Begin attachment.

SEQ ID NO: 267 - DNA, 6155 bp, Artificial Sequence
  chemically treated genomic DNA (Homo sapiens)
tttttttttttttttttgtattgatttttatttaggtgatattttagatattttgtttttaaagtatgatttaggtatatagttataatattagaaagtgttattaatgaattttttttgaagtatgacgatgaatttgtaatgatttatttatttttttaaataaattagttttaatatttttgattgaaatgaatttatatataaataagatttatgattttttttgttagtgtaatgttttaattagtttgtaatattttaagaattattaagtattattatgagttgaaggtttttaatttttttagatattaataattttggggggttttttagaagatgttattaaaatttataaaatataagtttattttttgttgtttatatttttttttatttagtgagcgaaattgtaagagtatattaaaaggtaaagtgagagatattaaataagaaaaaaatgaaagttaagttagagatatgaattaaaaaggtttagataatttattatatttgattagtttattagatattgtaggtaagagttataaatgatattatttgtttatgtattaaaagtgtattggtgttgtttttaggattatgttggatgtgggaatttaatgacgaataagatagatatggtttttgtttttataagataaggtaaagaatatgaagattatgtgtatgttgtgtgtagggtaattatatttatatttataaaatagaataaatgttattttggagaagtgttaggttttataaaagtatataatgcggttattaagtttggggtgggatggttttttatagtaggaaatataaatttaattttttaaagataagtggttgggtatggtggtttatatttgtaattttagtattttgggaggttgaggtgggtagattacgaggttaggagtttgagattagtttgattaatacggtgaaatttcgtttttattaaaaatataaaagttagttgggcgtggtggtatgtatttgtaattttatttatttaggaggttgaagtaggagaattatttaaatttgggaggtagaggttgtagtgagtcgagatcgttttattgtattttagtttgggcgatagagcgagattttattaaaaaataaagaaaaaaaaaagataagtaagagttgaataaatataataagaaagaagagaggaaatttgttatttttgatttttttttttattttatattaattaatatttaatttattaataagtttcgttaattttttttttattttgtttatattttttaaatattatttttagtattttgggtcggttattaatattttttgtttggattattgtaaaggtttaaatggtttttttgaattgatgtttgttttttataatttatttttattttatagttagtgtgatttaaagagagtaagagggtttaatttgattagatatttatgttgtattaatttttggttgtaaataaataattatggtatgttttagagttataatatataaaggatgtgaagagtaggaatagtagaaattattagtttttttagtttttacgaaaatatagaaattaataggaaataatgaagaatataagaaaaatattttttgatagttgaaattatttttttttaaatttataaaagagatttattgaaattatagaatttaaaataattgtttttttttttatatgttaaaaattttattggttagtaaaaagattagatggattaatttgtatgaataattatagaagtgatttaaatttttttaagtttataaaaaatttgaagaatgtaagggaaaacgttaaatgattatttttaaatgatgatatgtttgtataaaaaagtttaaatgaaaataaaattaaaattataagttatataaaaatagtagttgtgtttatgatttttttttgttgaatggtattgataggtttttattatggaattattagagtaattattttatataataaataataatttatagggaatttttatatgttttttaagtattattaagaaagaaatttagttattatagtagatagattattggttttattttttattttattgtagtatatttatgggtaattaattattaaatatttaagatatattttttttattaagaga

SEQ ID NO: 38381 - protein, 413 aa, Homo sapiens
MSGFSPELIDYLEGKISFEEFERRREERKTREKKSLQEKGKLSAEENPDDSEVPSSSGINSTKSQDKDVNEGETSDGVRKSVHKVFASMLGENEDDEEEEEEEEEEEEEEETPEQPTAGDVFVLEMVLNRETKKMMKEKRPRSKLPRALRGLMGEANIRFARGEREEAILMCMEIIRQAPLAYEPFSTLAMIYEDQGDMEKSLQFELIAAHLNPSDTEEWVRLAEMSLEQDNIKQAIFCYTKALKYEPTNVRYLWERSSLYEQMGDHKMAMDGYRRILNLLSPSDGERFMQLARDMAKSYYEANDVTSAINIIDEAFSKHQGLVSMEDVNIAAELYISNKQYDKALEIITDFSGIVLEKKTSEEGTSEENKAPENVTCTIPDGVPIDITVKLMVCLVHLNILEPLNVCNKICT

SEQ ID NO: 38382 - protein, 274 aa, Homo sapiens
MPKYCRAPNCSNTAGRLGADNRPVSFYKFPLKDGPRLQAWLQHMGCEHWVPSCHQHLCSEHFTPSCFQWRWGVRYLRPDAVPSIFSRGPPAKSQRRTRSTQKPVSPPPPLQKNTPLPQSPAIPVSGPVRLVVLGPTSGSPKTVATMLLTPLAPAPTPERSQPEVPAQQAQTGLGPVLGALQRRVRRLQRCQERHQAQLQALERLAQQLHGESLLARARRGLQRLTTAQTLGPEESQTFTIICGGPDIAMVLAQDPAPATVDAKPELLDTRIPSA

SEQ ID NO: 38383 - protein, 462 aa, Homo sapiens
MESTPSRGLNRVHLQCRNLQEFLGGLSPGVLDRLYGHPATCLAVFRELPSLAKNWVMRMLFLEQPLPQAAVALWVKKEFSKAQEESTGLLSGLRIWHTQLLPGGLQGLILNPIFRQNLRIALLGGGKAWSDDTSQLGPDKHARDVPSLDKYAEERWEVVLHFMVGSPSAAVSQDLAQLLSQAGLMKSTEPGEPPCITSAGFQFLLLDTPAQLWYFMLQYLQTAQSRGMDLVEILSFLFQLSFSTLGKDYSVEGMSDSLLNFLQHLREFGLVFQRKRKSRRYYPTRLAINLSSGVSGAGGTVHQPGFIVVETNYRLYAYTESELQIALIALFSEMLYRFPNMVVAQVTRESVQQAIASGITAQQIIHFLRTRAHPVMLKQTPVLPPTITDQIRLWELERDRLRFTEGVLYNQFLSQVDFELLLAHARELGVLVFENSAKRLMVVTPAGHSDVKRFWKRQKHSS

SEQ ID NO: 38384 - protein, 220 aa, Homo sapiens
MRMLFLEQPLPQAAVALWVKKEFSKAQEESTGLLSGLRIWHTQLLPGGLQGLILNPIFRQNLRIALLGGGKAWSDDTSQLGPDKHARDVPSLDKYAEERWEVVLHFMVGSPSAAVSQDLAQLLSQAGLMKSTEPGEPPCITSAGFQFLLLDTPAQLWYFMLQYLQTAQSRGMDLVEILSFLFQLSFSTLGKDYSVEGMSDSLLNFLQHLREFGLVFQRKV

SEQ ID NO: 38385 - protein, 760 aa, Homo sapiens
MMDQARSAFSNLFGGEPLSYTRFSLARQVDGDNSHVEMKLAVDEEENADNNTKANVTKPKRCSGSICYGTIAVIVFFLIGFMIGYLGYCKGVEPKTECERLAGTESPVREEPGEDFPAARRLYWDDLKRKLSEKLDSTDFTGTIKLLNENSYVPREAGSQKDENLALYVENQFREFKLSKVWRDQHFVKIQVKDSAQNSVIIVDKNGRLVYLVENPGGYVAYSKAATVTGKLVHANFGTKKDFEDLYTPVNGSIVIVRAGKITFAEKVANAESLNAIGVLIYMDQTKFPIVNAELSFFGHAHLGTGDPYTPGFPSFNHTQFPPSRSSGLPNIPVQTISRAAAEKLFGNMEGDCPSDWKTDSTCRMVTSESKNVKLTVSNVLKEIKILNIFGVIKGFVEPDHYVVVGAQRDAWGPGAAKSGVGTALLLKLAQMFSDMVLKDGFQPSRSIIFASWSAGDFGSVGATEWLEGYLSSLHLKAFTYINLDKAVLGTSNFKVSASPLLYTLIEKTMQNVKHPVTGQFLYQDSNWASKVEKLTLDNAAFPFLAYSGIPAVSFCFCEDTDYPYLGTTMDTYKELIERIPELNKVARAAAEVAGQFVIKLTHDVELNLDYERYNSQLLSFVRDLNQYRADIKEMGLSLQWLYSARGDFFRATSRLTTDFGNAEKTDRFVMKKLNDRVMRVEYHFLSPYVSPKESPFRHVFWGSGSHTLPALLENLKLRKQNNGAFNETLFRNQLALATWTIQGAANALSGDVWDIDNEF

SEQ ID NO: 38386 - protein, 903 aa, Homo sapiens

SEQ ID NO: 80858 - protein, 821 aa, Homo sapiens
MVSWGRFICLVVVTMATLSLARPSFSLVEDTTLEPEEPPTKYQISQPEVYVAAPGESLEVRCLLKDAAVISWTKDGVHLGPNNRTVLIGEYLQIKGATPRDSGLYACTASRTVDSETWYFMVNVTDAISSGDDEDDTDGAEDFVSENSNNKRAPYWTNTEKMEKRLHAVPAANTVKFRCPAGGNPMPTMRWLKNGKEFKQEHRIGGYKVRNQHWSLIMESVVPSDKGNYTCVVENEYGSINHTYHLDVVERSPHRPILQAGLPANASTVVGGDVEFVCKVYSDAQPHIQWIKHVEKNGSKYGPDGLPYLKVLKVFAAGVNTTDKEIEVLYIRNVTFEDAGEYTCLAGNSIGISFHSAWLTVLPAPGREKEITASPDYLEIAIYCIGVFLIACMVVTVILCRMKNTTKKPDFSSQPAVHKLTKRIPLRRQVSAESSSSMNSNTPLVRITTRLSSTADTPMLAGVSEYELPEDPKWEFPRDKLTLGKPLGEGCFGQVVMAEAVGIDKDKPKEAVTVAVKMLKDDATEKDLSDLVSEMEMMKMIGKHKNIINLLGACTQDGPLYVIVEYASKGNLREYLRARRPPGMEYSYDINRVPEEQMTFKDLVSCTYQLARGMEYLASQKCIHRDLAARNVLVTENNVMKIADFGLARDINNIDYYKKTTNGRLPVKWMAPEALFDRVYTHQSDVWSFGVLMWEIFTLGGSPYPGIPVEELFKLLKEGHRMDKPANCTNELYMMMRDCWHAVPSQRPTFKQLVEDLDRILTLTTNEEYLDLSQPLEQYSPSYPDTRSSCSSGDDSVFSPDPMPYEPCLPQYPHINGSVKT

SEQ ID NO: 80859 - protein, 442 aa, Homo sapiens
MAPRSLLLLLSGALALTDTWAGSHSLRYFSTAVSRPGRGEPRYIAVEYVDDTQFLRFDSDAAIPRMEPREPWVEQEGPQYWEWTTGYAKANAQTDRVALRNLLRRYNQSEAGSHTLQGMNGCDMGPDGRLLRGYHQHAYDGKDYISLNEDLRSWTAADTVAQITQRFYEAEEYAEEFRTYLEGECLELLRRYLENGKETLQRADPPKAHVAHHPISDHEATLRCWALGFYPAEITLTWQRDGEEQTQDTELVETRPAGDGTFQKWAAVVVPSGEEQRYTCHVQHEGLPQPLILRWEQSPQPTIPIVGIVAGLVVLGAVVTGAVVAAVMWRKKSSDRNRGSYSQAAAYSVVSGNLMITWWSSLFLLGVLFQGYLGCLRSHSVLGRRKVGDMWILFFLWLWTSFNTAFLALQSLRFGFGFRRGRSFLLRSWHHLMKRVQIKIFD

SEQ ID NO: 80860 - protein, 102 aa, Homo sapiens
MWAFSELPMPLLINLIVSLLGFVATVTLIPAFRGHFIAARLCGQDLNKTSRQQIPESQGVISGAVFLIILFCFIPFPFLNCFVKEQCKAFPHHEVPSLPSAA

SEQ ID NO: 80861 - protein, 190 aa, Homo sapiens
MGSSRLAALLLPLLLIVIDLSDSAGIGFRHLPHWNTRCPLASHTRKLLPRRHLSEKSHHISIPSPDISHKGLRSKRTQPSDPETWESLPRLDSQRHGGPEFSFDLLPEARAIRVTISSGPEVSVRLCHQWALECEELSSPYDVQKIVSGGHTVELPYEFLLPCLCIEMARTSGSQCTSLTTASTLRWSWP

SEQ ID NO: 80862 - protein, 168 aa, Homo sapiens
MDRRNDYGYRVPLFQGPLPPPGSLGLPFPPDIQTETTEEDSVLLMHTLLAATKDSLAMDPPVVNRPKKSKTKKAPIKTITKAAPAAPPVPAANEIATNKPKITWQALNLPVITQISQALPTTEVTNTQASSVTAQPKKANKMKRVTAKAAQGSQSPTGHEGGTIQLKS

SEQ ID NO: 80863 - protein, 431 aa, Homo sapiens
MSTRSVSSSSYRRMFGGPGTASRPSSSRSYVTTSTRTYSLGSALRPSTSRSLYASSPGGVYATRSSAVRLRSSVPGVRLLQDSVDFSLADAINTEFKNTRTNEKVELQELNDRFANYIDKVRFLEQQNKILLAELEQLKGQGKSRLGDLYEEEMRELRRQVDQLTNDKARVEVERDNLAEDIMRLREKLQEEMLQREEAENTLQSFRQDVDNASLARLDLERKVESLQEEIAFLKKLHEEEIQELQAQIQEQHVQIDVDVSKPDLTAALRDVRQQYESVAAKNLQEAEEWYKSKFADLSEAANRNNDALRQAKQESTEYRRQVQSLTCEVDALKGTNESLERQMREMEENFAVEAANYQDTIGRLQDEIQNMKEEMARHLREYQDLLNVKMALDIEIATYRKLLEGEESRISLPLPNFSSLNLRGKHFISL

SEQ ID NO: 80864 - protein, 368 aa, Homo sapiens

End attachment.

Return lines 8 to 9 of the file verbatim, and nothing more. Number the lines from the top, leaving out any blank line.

SEQ ID NO: 38383 - protein, 462 aa, Homo sapiens
MESTPSRGLNRVHLQCRNLQEFLGGLSPGVLDRLYGHPATCLAVFRELPSLAKNWVMRMLFLEQPLPQAAVALWVKKEFSKAQEESTGLLSGLRIWHTQLLPGGLQGLILNPIFRQNLRIALLGGGKAWSDDTSQLGPDKHARDVPSLDKYAEERWEVVLHFMVGSPSAAVSQDLAQLLSQAGLMKSTEPGEPPCITSAGFQFLLLDTPAQLWYFMLQYLQTAQSRGMDLVEILSFLFQLSFSTLGKDYSVEGMSDSLLNFLQHLREFGLVFQRKRKSRRYYPTRLAINLSSGVSGAGGTVHQPGFIVVETNYRLYAYTESELQIALIALFSEMLYRFPNMVVAQVTRESVQQAIASGITAQQIIHFLRTRAHPVMLKQTPVLPPTITDQIRLWELERDRLRFTEGVLYNQFLSQVDFELLLAHARELGVLVFENSAKRLMVVTPAGHSDVKRFWKRQKHSS